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Gilbert Rozon accepts the Icon Award at the 2017 Canadian Screen Awards in Toronto on March 12, 2017.Peter Power/The Canadian Press

Quebec prosecutors have filed rape and assault charges against Canadian entertainment magnate Gilbert Rozon but have set aside allegations of sexual misconduct made by 13 other women.

Mr. Rozon, 64, the founder of the Just for Laughs comedy franchise, faces one count of rape and another of indecent assault in charges filed in court on Wednesday. Both stem from the allegations of a single complainant, and the charges are based on criminal law in 1979, the time of the alleged assaults.

Mr. Rozon issued a brief statement late on Wednesday saying he was aware of the charges against him dating back nearly 40 years and that he would continue to defend himself before the courts. He declined to comment any further.

In the fall of 2017, 10 women came forward in a series of news reports to accuse Mr. Rozon of abuse and, in the end, 14 filed criminal complaints with Montreal police. Many of those women are also pursuing a civil suit against Mr. Rozon. Martine Roy, one of the women who came forward publicly, was disappointed her criminal complaint will not go ahead but expressed some relief on Wednesday that Mr. Rozon will face criminal justice.

“At least they’ve pursued one case. It’s better than nothing,” said Ms. Roy, Mr. Rozon’s former sister-in-law who has accused him of sexual assault. “At least we’ll see him have his day in court.”

Justice officials citing privacy could only offer limited explanations for the lack of charges in the cases of 13 women Wednesday, saying the decision is not a commentary on the truth of their stories but a calculation of the likelihood of successful prosecution.

“I’ve had to make this kind of decision, and it’s a very difficult one for prosecutors. People should not think it is taken lightly,” Justice Minister Sonia LeBel, a former provincial prosecutor, told reporters in Quebec City.

“What I’d like to say to these women is it’s not a value judgment on their stories, but a very specific decision on a specific set of circumstances, to decide if criminal charges can go forward.”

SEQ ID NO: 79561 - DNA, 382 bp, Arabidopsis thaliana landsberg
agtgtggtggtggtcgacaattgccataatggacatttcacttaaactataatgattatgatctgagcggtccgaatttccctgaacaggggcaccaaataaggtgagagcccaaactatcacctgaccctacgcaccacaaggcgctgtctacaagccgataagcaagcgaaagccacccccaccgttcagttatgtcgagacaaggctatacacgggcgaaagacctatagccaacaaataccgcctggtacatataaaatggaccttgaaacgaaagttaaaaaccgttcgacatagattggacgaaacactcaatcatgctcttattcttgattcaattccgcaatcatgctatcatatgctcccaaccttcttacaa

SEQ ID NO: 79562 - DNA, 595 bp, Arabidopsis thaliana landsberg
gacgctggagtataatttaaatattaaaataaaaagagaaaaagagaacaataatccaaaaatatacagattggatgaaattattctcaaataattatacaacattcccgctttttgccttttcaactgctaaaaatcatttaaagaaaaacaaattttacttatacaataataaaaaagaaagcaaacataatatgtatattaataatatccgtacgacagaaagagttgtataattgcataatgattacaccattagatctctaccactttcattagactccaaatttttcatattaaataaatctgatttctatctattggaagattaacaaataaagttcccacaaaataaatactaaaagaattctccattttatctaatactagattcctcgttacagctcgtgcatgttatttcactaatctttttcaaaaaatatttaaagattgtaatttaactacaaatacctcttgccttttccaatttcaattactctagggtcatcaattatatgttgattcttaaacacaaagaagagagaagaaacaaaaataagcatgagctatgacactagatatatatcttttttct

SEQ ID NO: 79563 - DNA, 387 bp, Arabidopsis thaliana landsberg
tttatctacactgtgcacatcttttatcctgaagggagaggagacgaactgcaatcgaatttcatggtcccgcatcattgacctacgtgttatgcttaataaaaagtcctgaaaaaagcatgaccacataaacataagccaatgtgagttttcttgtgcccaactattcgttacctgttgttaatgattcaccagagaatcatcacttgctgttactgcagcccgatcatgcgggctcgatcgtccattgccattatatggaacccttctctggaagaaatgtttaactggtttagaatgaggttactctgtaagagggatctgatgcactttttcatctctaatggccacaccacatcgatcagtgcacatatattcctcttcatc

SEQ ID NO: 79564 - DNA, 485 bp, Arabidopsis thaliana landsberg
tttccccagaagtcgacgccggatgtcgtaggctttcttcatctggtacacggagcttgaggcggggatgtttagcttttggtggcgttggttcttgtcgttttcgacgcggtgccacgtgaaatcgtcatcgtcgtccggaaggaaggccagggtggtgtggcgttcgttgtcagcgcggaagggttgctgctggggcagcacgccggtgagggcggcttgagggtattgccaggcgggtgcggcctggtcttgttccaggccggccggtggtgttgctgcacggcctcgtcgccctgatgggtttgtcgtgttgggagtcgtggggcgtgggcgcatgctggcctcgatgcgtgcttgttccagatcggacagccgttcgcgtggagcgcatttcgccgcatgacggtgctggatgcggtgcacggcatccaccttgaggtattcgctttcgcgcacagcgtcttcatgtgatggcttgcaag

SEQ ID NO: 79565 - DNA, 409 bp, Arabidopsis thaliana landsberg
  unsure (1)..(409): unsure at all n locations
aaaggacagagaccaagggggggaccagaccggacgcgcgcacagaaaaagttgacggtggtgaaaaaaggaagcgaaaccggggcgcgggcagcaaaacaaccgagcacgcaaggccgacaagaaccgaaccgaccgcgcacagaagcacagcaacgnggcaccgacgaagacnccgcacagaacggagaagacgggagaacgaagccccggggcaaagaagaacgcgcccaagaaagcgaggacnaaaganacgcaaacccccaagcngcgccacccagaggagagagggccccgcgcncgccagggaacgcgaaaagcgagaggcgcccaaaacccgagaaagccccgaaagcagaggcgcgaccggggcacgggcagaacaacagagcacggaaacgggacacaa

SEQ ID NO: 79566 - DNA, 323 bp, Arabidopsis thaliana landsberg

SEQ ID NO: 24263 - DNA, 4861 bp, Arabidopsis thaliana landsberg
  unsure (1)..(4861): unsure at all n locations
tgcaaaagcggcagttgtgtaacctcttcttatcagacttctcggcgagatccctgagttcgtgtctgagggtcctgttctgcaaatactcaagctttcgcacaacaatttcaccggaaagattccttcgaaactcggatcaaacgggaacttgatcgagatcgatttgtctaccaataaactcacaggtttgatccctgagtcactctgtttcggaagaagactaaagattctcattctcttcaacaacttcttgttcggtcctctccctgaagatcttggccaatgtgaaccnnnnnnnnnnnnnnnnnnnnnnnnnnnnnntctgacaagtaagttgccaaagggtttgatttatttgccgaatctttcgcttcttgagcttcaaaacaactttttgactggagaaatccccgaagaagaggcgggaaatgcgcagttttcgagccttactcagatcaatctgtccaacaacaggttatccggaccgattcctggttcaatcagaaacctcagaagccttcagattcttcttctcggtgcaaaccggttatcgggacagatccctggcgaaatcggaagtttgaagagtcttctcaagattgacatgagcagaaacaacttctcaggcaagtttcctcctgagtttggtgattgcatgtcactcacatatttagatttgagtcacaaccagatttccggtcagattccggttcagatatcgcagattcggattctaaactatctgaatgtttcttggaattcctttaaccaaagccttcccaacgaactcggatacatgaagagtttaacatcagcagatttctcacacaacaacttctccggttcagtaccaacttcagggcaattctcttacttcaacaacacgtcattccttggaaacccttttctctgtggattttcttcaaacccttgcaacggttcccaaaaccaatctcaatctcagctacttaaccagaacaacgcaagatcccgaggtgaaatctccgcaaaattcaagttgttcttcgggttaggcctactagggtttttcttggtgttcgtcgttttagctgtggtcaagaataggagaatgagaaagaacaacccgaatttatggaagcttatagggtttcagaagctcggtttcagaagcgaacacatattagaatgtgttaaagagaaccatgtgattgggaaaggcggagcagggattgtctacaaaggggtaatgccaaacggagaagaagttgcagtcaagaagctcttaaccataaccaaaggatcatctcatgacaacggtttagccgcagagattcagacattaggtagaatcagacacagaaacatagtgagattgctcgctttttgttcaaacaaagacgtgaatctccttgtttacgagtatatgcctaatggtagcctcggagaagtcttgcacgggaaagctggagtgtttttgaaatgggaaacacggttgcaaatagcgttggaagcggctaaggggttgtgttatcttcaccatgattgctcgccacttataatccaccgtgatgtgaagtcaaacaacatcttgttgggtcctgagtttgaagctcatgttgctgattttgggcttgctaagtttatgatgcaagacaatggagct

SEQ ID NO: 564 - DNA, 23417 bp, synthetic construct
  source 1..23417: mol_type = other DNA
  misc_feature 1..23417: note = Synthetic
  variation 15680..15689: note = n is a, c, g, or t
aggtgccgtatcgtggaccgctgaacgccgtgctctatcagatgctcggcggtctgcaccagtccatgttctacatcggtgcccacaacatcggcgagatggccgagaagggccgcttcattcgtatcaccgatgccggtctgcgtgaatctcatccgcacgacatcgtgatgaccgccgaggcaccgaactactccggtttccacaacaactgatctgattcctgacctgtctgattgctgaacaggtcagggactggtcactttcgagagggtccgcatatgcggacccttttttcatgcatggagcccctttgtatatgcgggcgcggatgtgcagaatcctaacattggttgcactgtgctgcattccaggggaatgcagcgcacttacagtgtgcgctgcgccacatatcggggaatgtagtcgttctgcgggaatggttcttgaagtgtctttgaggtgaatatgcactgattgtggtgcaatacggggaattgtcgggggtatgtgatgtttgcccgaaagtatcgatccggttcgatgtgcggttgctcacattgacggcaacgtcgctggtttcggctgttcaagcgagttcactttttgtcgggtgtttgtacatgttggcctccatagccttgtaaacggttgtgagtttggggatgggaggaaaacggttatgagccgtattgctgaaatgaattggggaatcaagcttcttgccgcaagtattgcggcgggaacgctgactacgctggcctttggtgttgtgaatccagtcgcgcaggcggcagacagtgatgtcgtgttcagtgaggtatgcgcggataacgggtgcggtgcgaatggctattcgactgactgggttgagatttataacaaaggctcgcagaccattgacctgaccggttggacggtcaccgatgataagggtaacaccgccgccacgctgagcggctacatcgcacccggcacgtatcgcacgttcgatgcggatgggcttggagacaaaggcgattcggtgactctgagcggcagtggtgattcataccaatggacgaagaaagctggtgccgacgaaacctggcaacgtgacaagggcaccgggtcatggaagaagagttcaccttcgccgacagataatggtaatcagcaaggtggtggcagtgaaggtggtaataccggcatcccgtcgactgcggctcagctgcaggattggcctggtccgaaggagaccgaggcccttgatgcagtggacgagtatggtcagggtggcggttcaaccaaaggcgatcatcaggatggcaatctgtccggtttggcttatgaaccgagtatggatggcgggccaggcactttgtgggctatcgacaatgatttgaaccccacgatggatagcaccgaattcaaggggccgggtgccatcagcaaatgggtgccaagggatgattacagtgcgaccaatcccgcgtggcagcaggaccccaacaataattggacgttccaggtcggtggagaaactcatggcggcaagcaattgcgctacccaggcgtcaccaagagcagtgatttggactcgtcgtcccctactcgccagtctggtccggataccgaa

The minister urged women to come forward with any further allegations. “The worst thing is silence,” she said.

The Quebec prosecutions office issued a statement saying “it happens that a prosecutor may believe a victim but arrive at the conclusion that the case does not allow for a demonstration beyond reasonable doubt of guilt, or that the case is more an issue of sexual harassment or misconduct or a civil matter.”

On Monday and Tuesday, the 13 women whose complaints will not go forward were summoned one-by-one to the provincial prosecutors’ office to be told the news and offered an explanation. Many of them emerged upset and angry but did not know charges were coming in one other case. Only Ms. Roy was willing to comment on Tuesday after charges were laid. Some of the other women said they were preparing a full statement for Wednesday.

A group of women who call themselves Les Courageuses have also filed a $10-million civil suit alleging Mr. Rozon sexually abused at least 20 women between 1982 and 2016. A civil suit has a lower burden of proof. While a criminal case requires evidence beyond reasonable doubt of a crime, a civil suit can win on a balance of probabilities.

The women have accused Mr. Rozon of sexual misconduct including unwanted advances in the workplace, groping, exposure and rape.

Mr. Rozon, who has denied the allegations, will appear in court Jan. 22. Mr. Rozon resigned from his post in charge of Just for Laughs shortly after the allegations surfaced and sold the comedy business last spring.

With a report from The Canadian Press